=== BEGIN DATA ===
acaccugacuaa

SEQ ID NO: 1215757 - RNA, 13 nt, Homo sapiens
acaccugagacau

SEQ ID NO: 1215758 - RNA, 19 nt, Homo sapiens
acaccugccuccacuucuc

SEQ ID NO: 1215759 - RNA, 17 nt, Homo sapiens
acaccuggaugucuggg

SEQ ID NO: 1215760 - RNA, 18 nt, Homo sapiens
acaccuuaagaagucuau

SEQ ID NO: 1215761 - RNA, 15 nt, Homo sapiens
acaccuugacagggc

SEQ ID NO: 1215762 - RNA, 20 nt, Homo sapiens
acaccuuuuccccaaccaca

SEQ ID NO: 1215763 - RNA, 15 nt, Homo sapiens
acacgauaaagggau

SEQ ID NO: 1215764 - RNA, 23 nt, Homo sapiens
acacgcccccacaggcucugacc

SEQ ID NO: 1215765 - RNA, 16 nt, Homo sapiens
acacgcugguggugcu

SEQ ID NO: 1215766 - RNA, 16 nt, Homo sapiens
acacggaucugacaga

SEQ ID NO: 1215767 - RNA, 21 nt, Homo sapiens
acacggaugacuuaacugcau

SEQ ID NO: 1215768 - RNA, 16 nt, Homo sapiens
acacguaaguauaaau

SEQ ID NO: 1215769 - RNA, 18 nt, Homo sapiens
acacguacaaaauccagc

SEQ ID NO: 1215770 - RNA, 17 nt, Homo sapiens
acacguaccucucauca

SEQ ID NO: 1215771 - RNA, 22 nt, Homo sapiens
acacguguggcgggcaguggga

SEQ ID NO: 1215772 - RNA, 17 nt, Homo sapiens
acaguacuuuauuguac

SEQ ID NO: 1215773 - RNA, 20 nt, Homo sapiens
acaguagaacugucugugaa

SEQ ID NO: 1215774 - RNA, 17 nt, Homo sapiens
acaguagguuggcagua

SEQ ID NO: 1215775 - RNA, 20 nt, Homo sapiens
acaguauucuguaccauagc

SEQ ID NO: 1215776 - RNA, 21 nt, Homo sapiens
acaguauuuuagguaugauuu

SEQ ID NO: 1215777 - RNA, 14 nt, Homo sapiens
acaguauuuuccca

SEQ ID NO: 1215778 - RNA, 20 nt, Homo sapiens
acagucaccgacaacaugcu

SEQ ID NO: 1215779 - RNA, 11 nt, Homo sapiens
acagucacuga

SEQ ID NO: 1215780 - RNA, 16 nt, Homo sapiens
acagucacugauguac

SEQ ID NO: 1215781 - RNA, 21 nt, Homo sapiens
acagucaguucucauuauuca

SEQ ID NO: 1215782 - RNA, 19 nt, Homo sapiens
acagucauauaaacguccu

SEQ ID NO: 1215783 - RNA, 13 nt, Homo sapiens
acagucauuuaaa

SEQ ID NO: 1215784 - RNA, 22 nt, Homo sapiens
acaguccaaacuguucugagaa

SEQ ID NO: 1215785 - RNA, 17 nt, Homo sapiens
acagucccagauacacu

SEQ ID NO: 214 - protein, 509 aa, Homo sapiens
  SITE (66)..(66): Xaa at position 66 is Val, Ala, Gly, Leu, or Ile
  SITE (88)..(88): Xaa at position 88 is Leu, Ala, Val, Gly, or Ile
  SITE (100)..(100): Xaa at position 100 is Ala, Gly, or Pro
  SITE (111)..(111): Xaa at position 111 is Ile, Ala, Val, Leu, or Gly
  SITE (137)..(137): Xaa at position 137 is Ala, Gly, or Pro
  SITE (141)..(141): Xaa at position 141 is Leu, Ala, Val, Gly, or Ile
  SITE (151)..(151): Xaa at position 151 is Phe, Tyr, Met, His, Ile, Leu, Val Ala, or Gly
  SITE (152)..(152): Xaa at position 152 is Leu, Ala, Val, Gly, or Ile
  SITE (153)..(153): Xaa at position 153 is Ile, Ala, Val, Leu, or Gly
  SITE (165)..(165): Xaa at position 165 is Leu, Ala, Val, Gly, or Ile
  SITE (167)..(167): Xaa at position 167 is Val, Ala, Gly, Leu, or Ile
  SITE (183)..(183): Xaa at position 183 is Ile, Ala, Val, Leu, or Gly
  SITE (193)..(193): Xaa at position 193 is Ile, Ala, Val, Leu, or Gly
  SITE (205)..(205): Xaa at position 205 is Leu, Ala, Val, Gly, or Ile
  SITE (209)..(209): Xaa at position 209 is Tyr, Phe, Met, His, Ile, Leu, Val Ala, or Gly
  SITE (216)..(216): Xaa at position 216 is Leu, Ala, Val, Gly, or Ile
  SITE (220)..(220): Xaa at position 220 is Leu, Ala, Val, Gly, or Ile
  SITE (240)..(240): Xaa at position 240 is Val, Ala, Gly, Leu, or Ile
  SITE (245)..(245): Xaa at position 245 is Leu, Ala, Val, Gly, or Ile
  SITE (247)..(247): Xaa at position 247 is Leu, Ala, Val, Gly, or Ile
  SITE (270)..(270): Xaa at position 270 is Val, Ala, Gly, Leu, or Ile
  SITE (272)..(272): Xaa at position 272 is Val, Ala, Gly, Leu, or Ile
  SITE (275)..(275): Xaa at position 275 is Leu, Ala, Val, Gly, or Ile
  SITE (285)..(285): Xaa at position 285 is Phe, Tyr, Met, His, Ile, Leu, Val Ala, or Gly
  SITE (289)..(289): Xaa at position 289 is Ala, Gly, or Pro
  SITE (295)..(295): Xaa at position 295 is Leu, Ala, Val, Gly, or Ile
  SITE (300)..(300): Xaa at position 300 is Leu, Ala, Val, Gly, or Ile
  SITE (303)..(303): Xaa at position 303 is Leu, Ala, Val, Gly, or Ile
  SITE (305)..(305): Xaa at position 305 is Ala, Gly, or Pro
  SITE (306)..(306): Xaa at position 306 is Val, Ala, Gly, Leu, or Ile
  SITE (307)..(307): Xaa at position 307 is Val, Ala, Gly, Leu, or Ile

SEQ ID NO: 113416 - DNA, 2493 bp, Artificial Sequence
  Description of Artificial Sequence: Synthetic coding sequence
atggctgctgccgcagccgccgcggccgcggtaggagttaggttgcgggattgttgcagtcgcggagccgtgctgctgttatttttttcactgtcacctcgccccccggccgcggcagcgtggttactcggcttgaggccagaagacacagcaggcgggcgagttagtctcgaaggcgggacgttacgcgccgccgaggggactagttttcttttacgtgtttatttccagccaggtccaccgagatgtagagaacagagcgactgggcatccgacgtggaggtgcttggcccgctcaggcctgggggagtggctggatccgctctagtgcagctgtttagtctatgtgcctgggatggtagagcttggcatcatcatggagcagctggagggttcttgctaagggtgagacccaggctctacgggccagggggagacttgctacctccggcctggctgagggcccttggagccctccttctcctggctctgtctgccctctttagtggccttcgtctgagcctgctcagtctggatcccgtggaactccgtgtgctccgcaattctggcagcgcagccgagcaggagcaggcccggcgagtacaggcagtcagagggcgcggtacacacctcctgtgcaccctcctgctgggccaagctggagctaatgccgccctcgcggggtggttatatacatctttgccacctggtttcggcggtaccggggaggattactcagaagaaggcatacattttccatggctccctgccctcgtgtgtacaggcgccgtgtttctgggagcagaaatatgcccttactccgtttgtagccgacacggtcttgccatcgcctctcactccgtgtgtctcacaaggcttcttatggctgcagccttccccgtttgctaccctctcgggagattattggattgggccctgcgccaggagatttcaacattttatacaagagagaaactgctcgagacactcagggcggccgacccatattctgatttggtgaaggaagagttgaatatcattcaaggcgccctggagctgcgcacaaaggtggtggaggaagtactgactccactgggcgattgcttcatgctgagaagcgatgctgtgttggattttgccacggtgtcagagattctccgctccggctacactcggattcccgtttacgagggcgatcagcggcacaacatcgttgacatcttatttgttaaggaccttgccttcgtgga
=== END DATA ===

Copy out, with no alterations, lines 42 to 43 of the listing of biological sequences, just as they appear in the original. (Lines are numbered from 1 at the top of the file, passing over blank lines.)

SEQ ID NO: 1215777 - RNA, 14 nt, Homo sapiens
acaguauuuuccca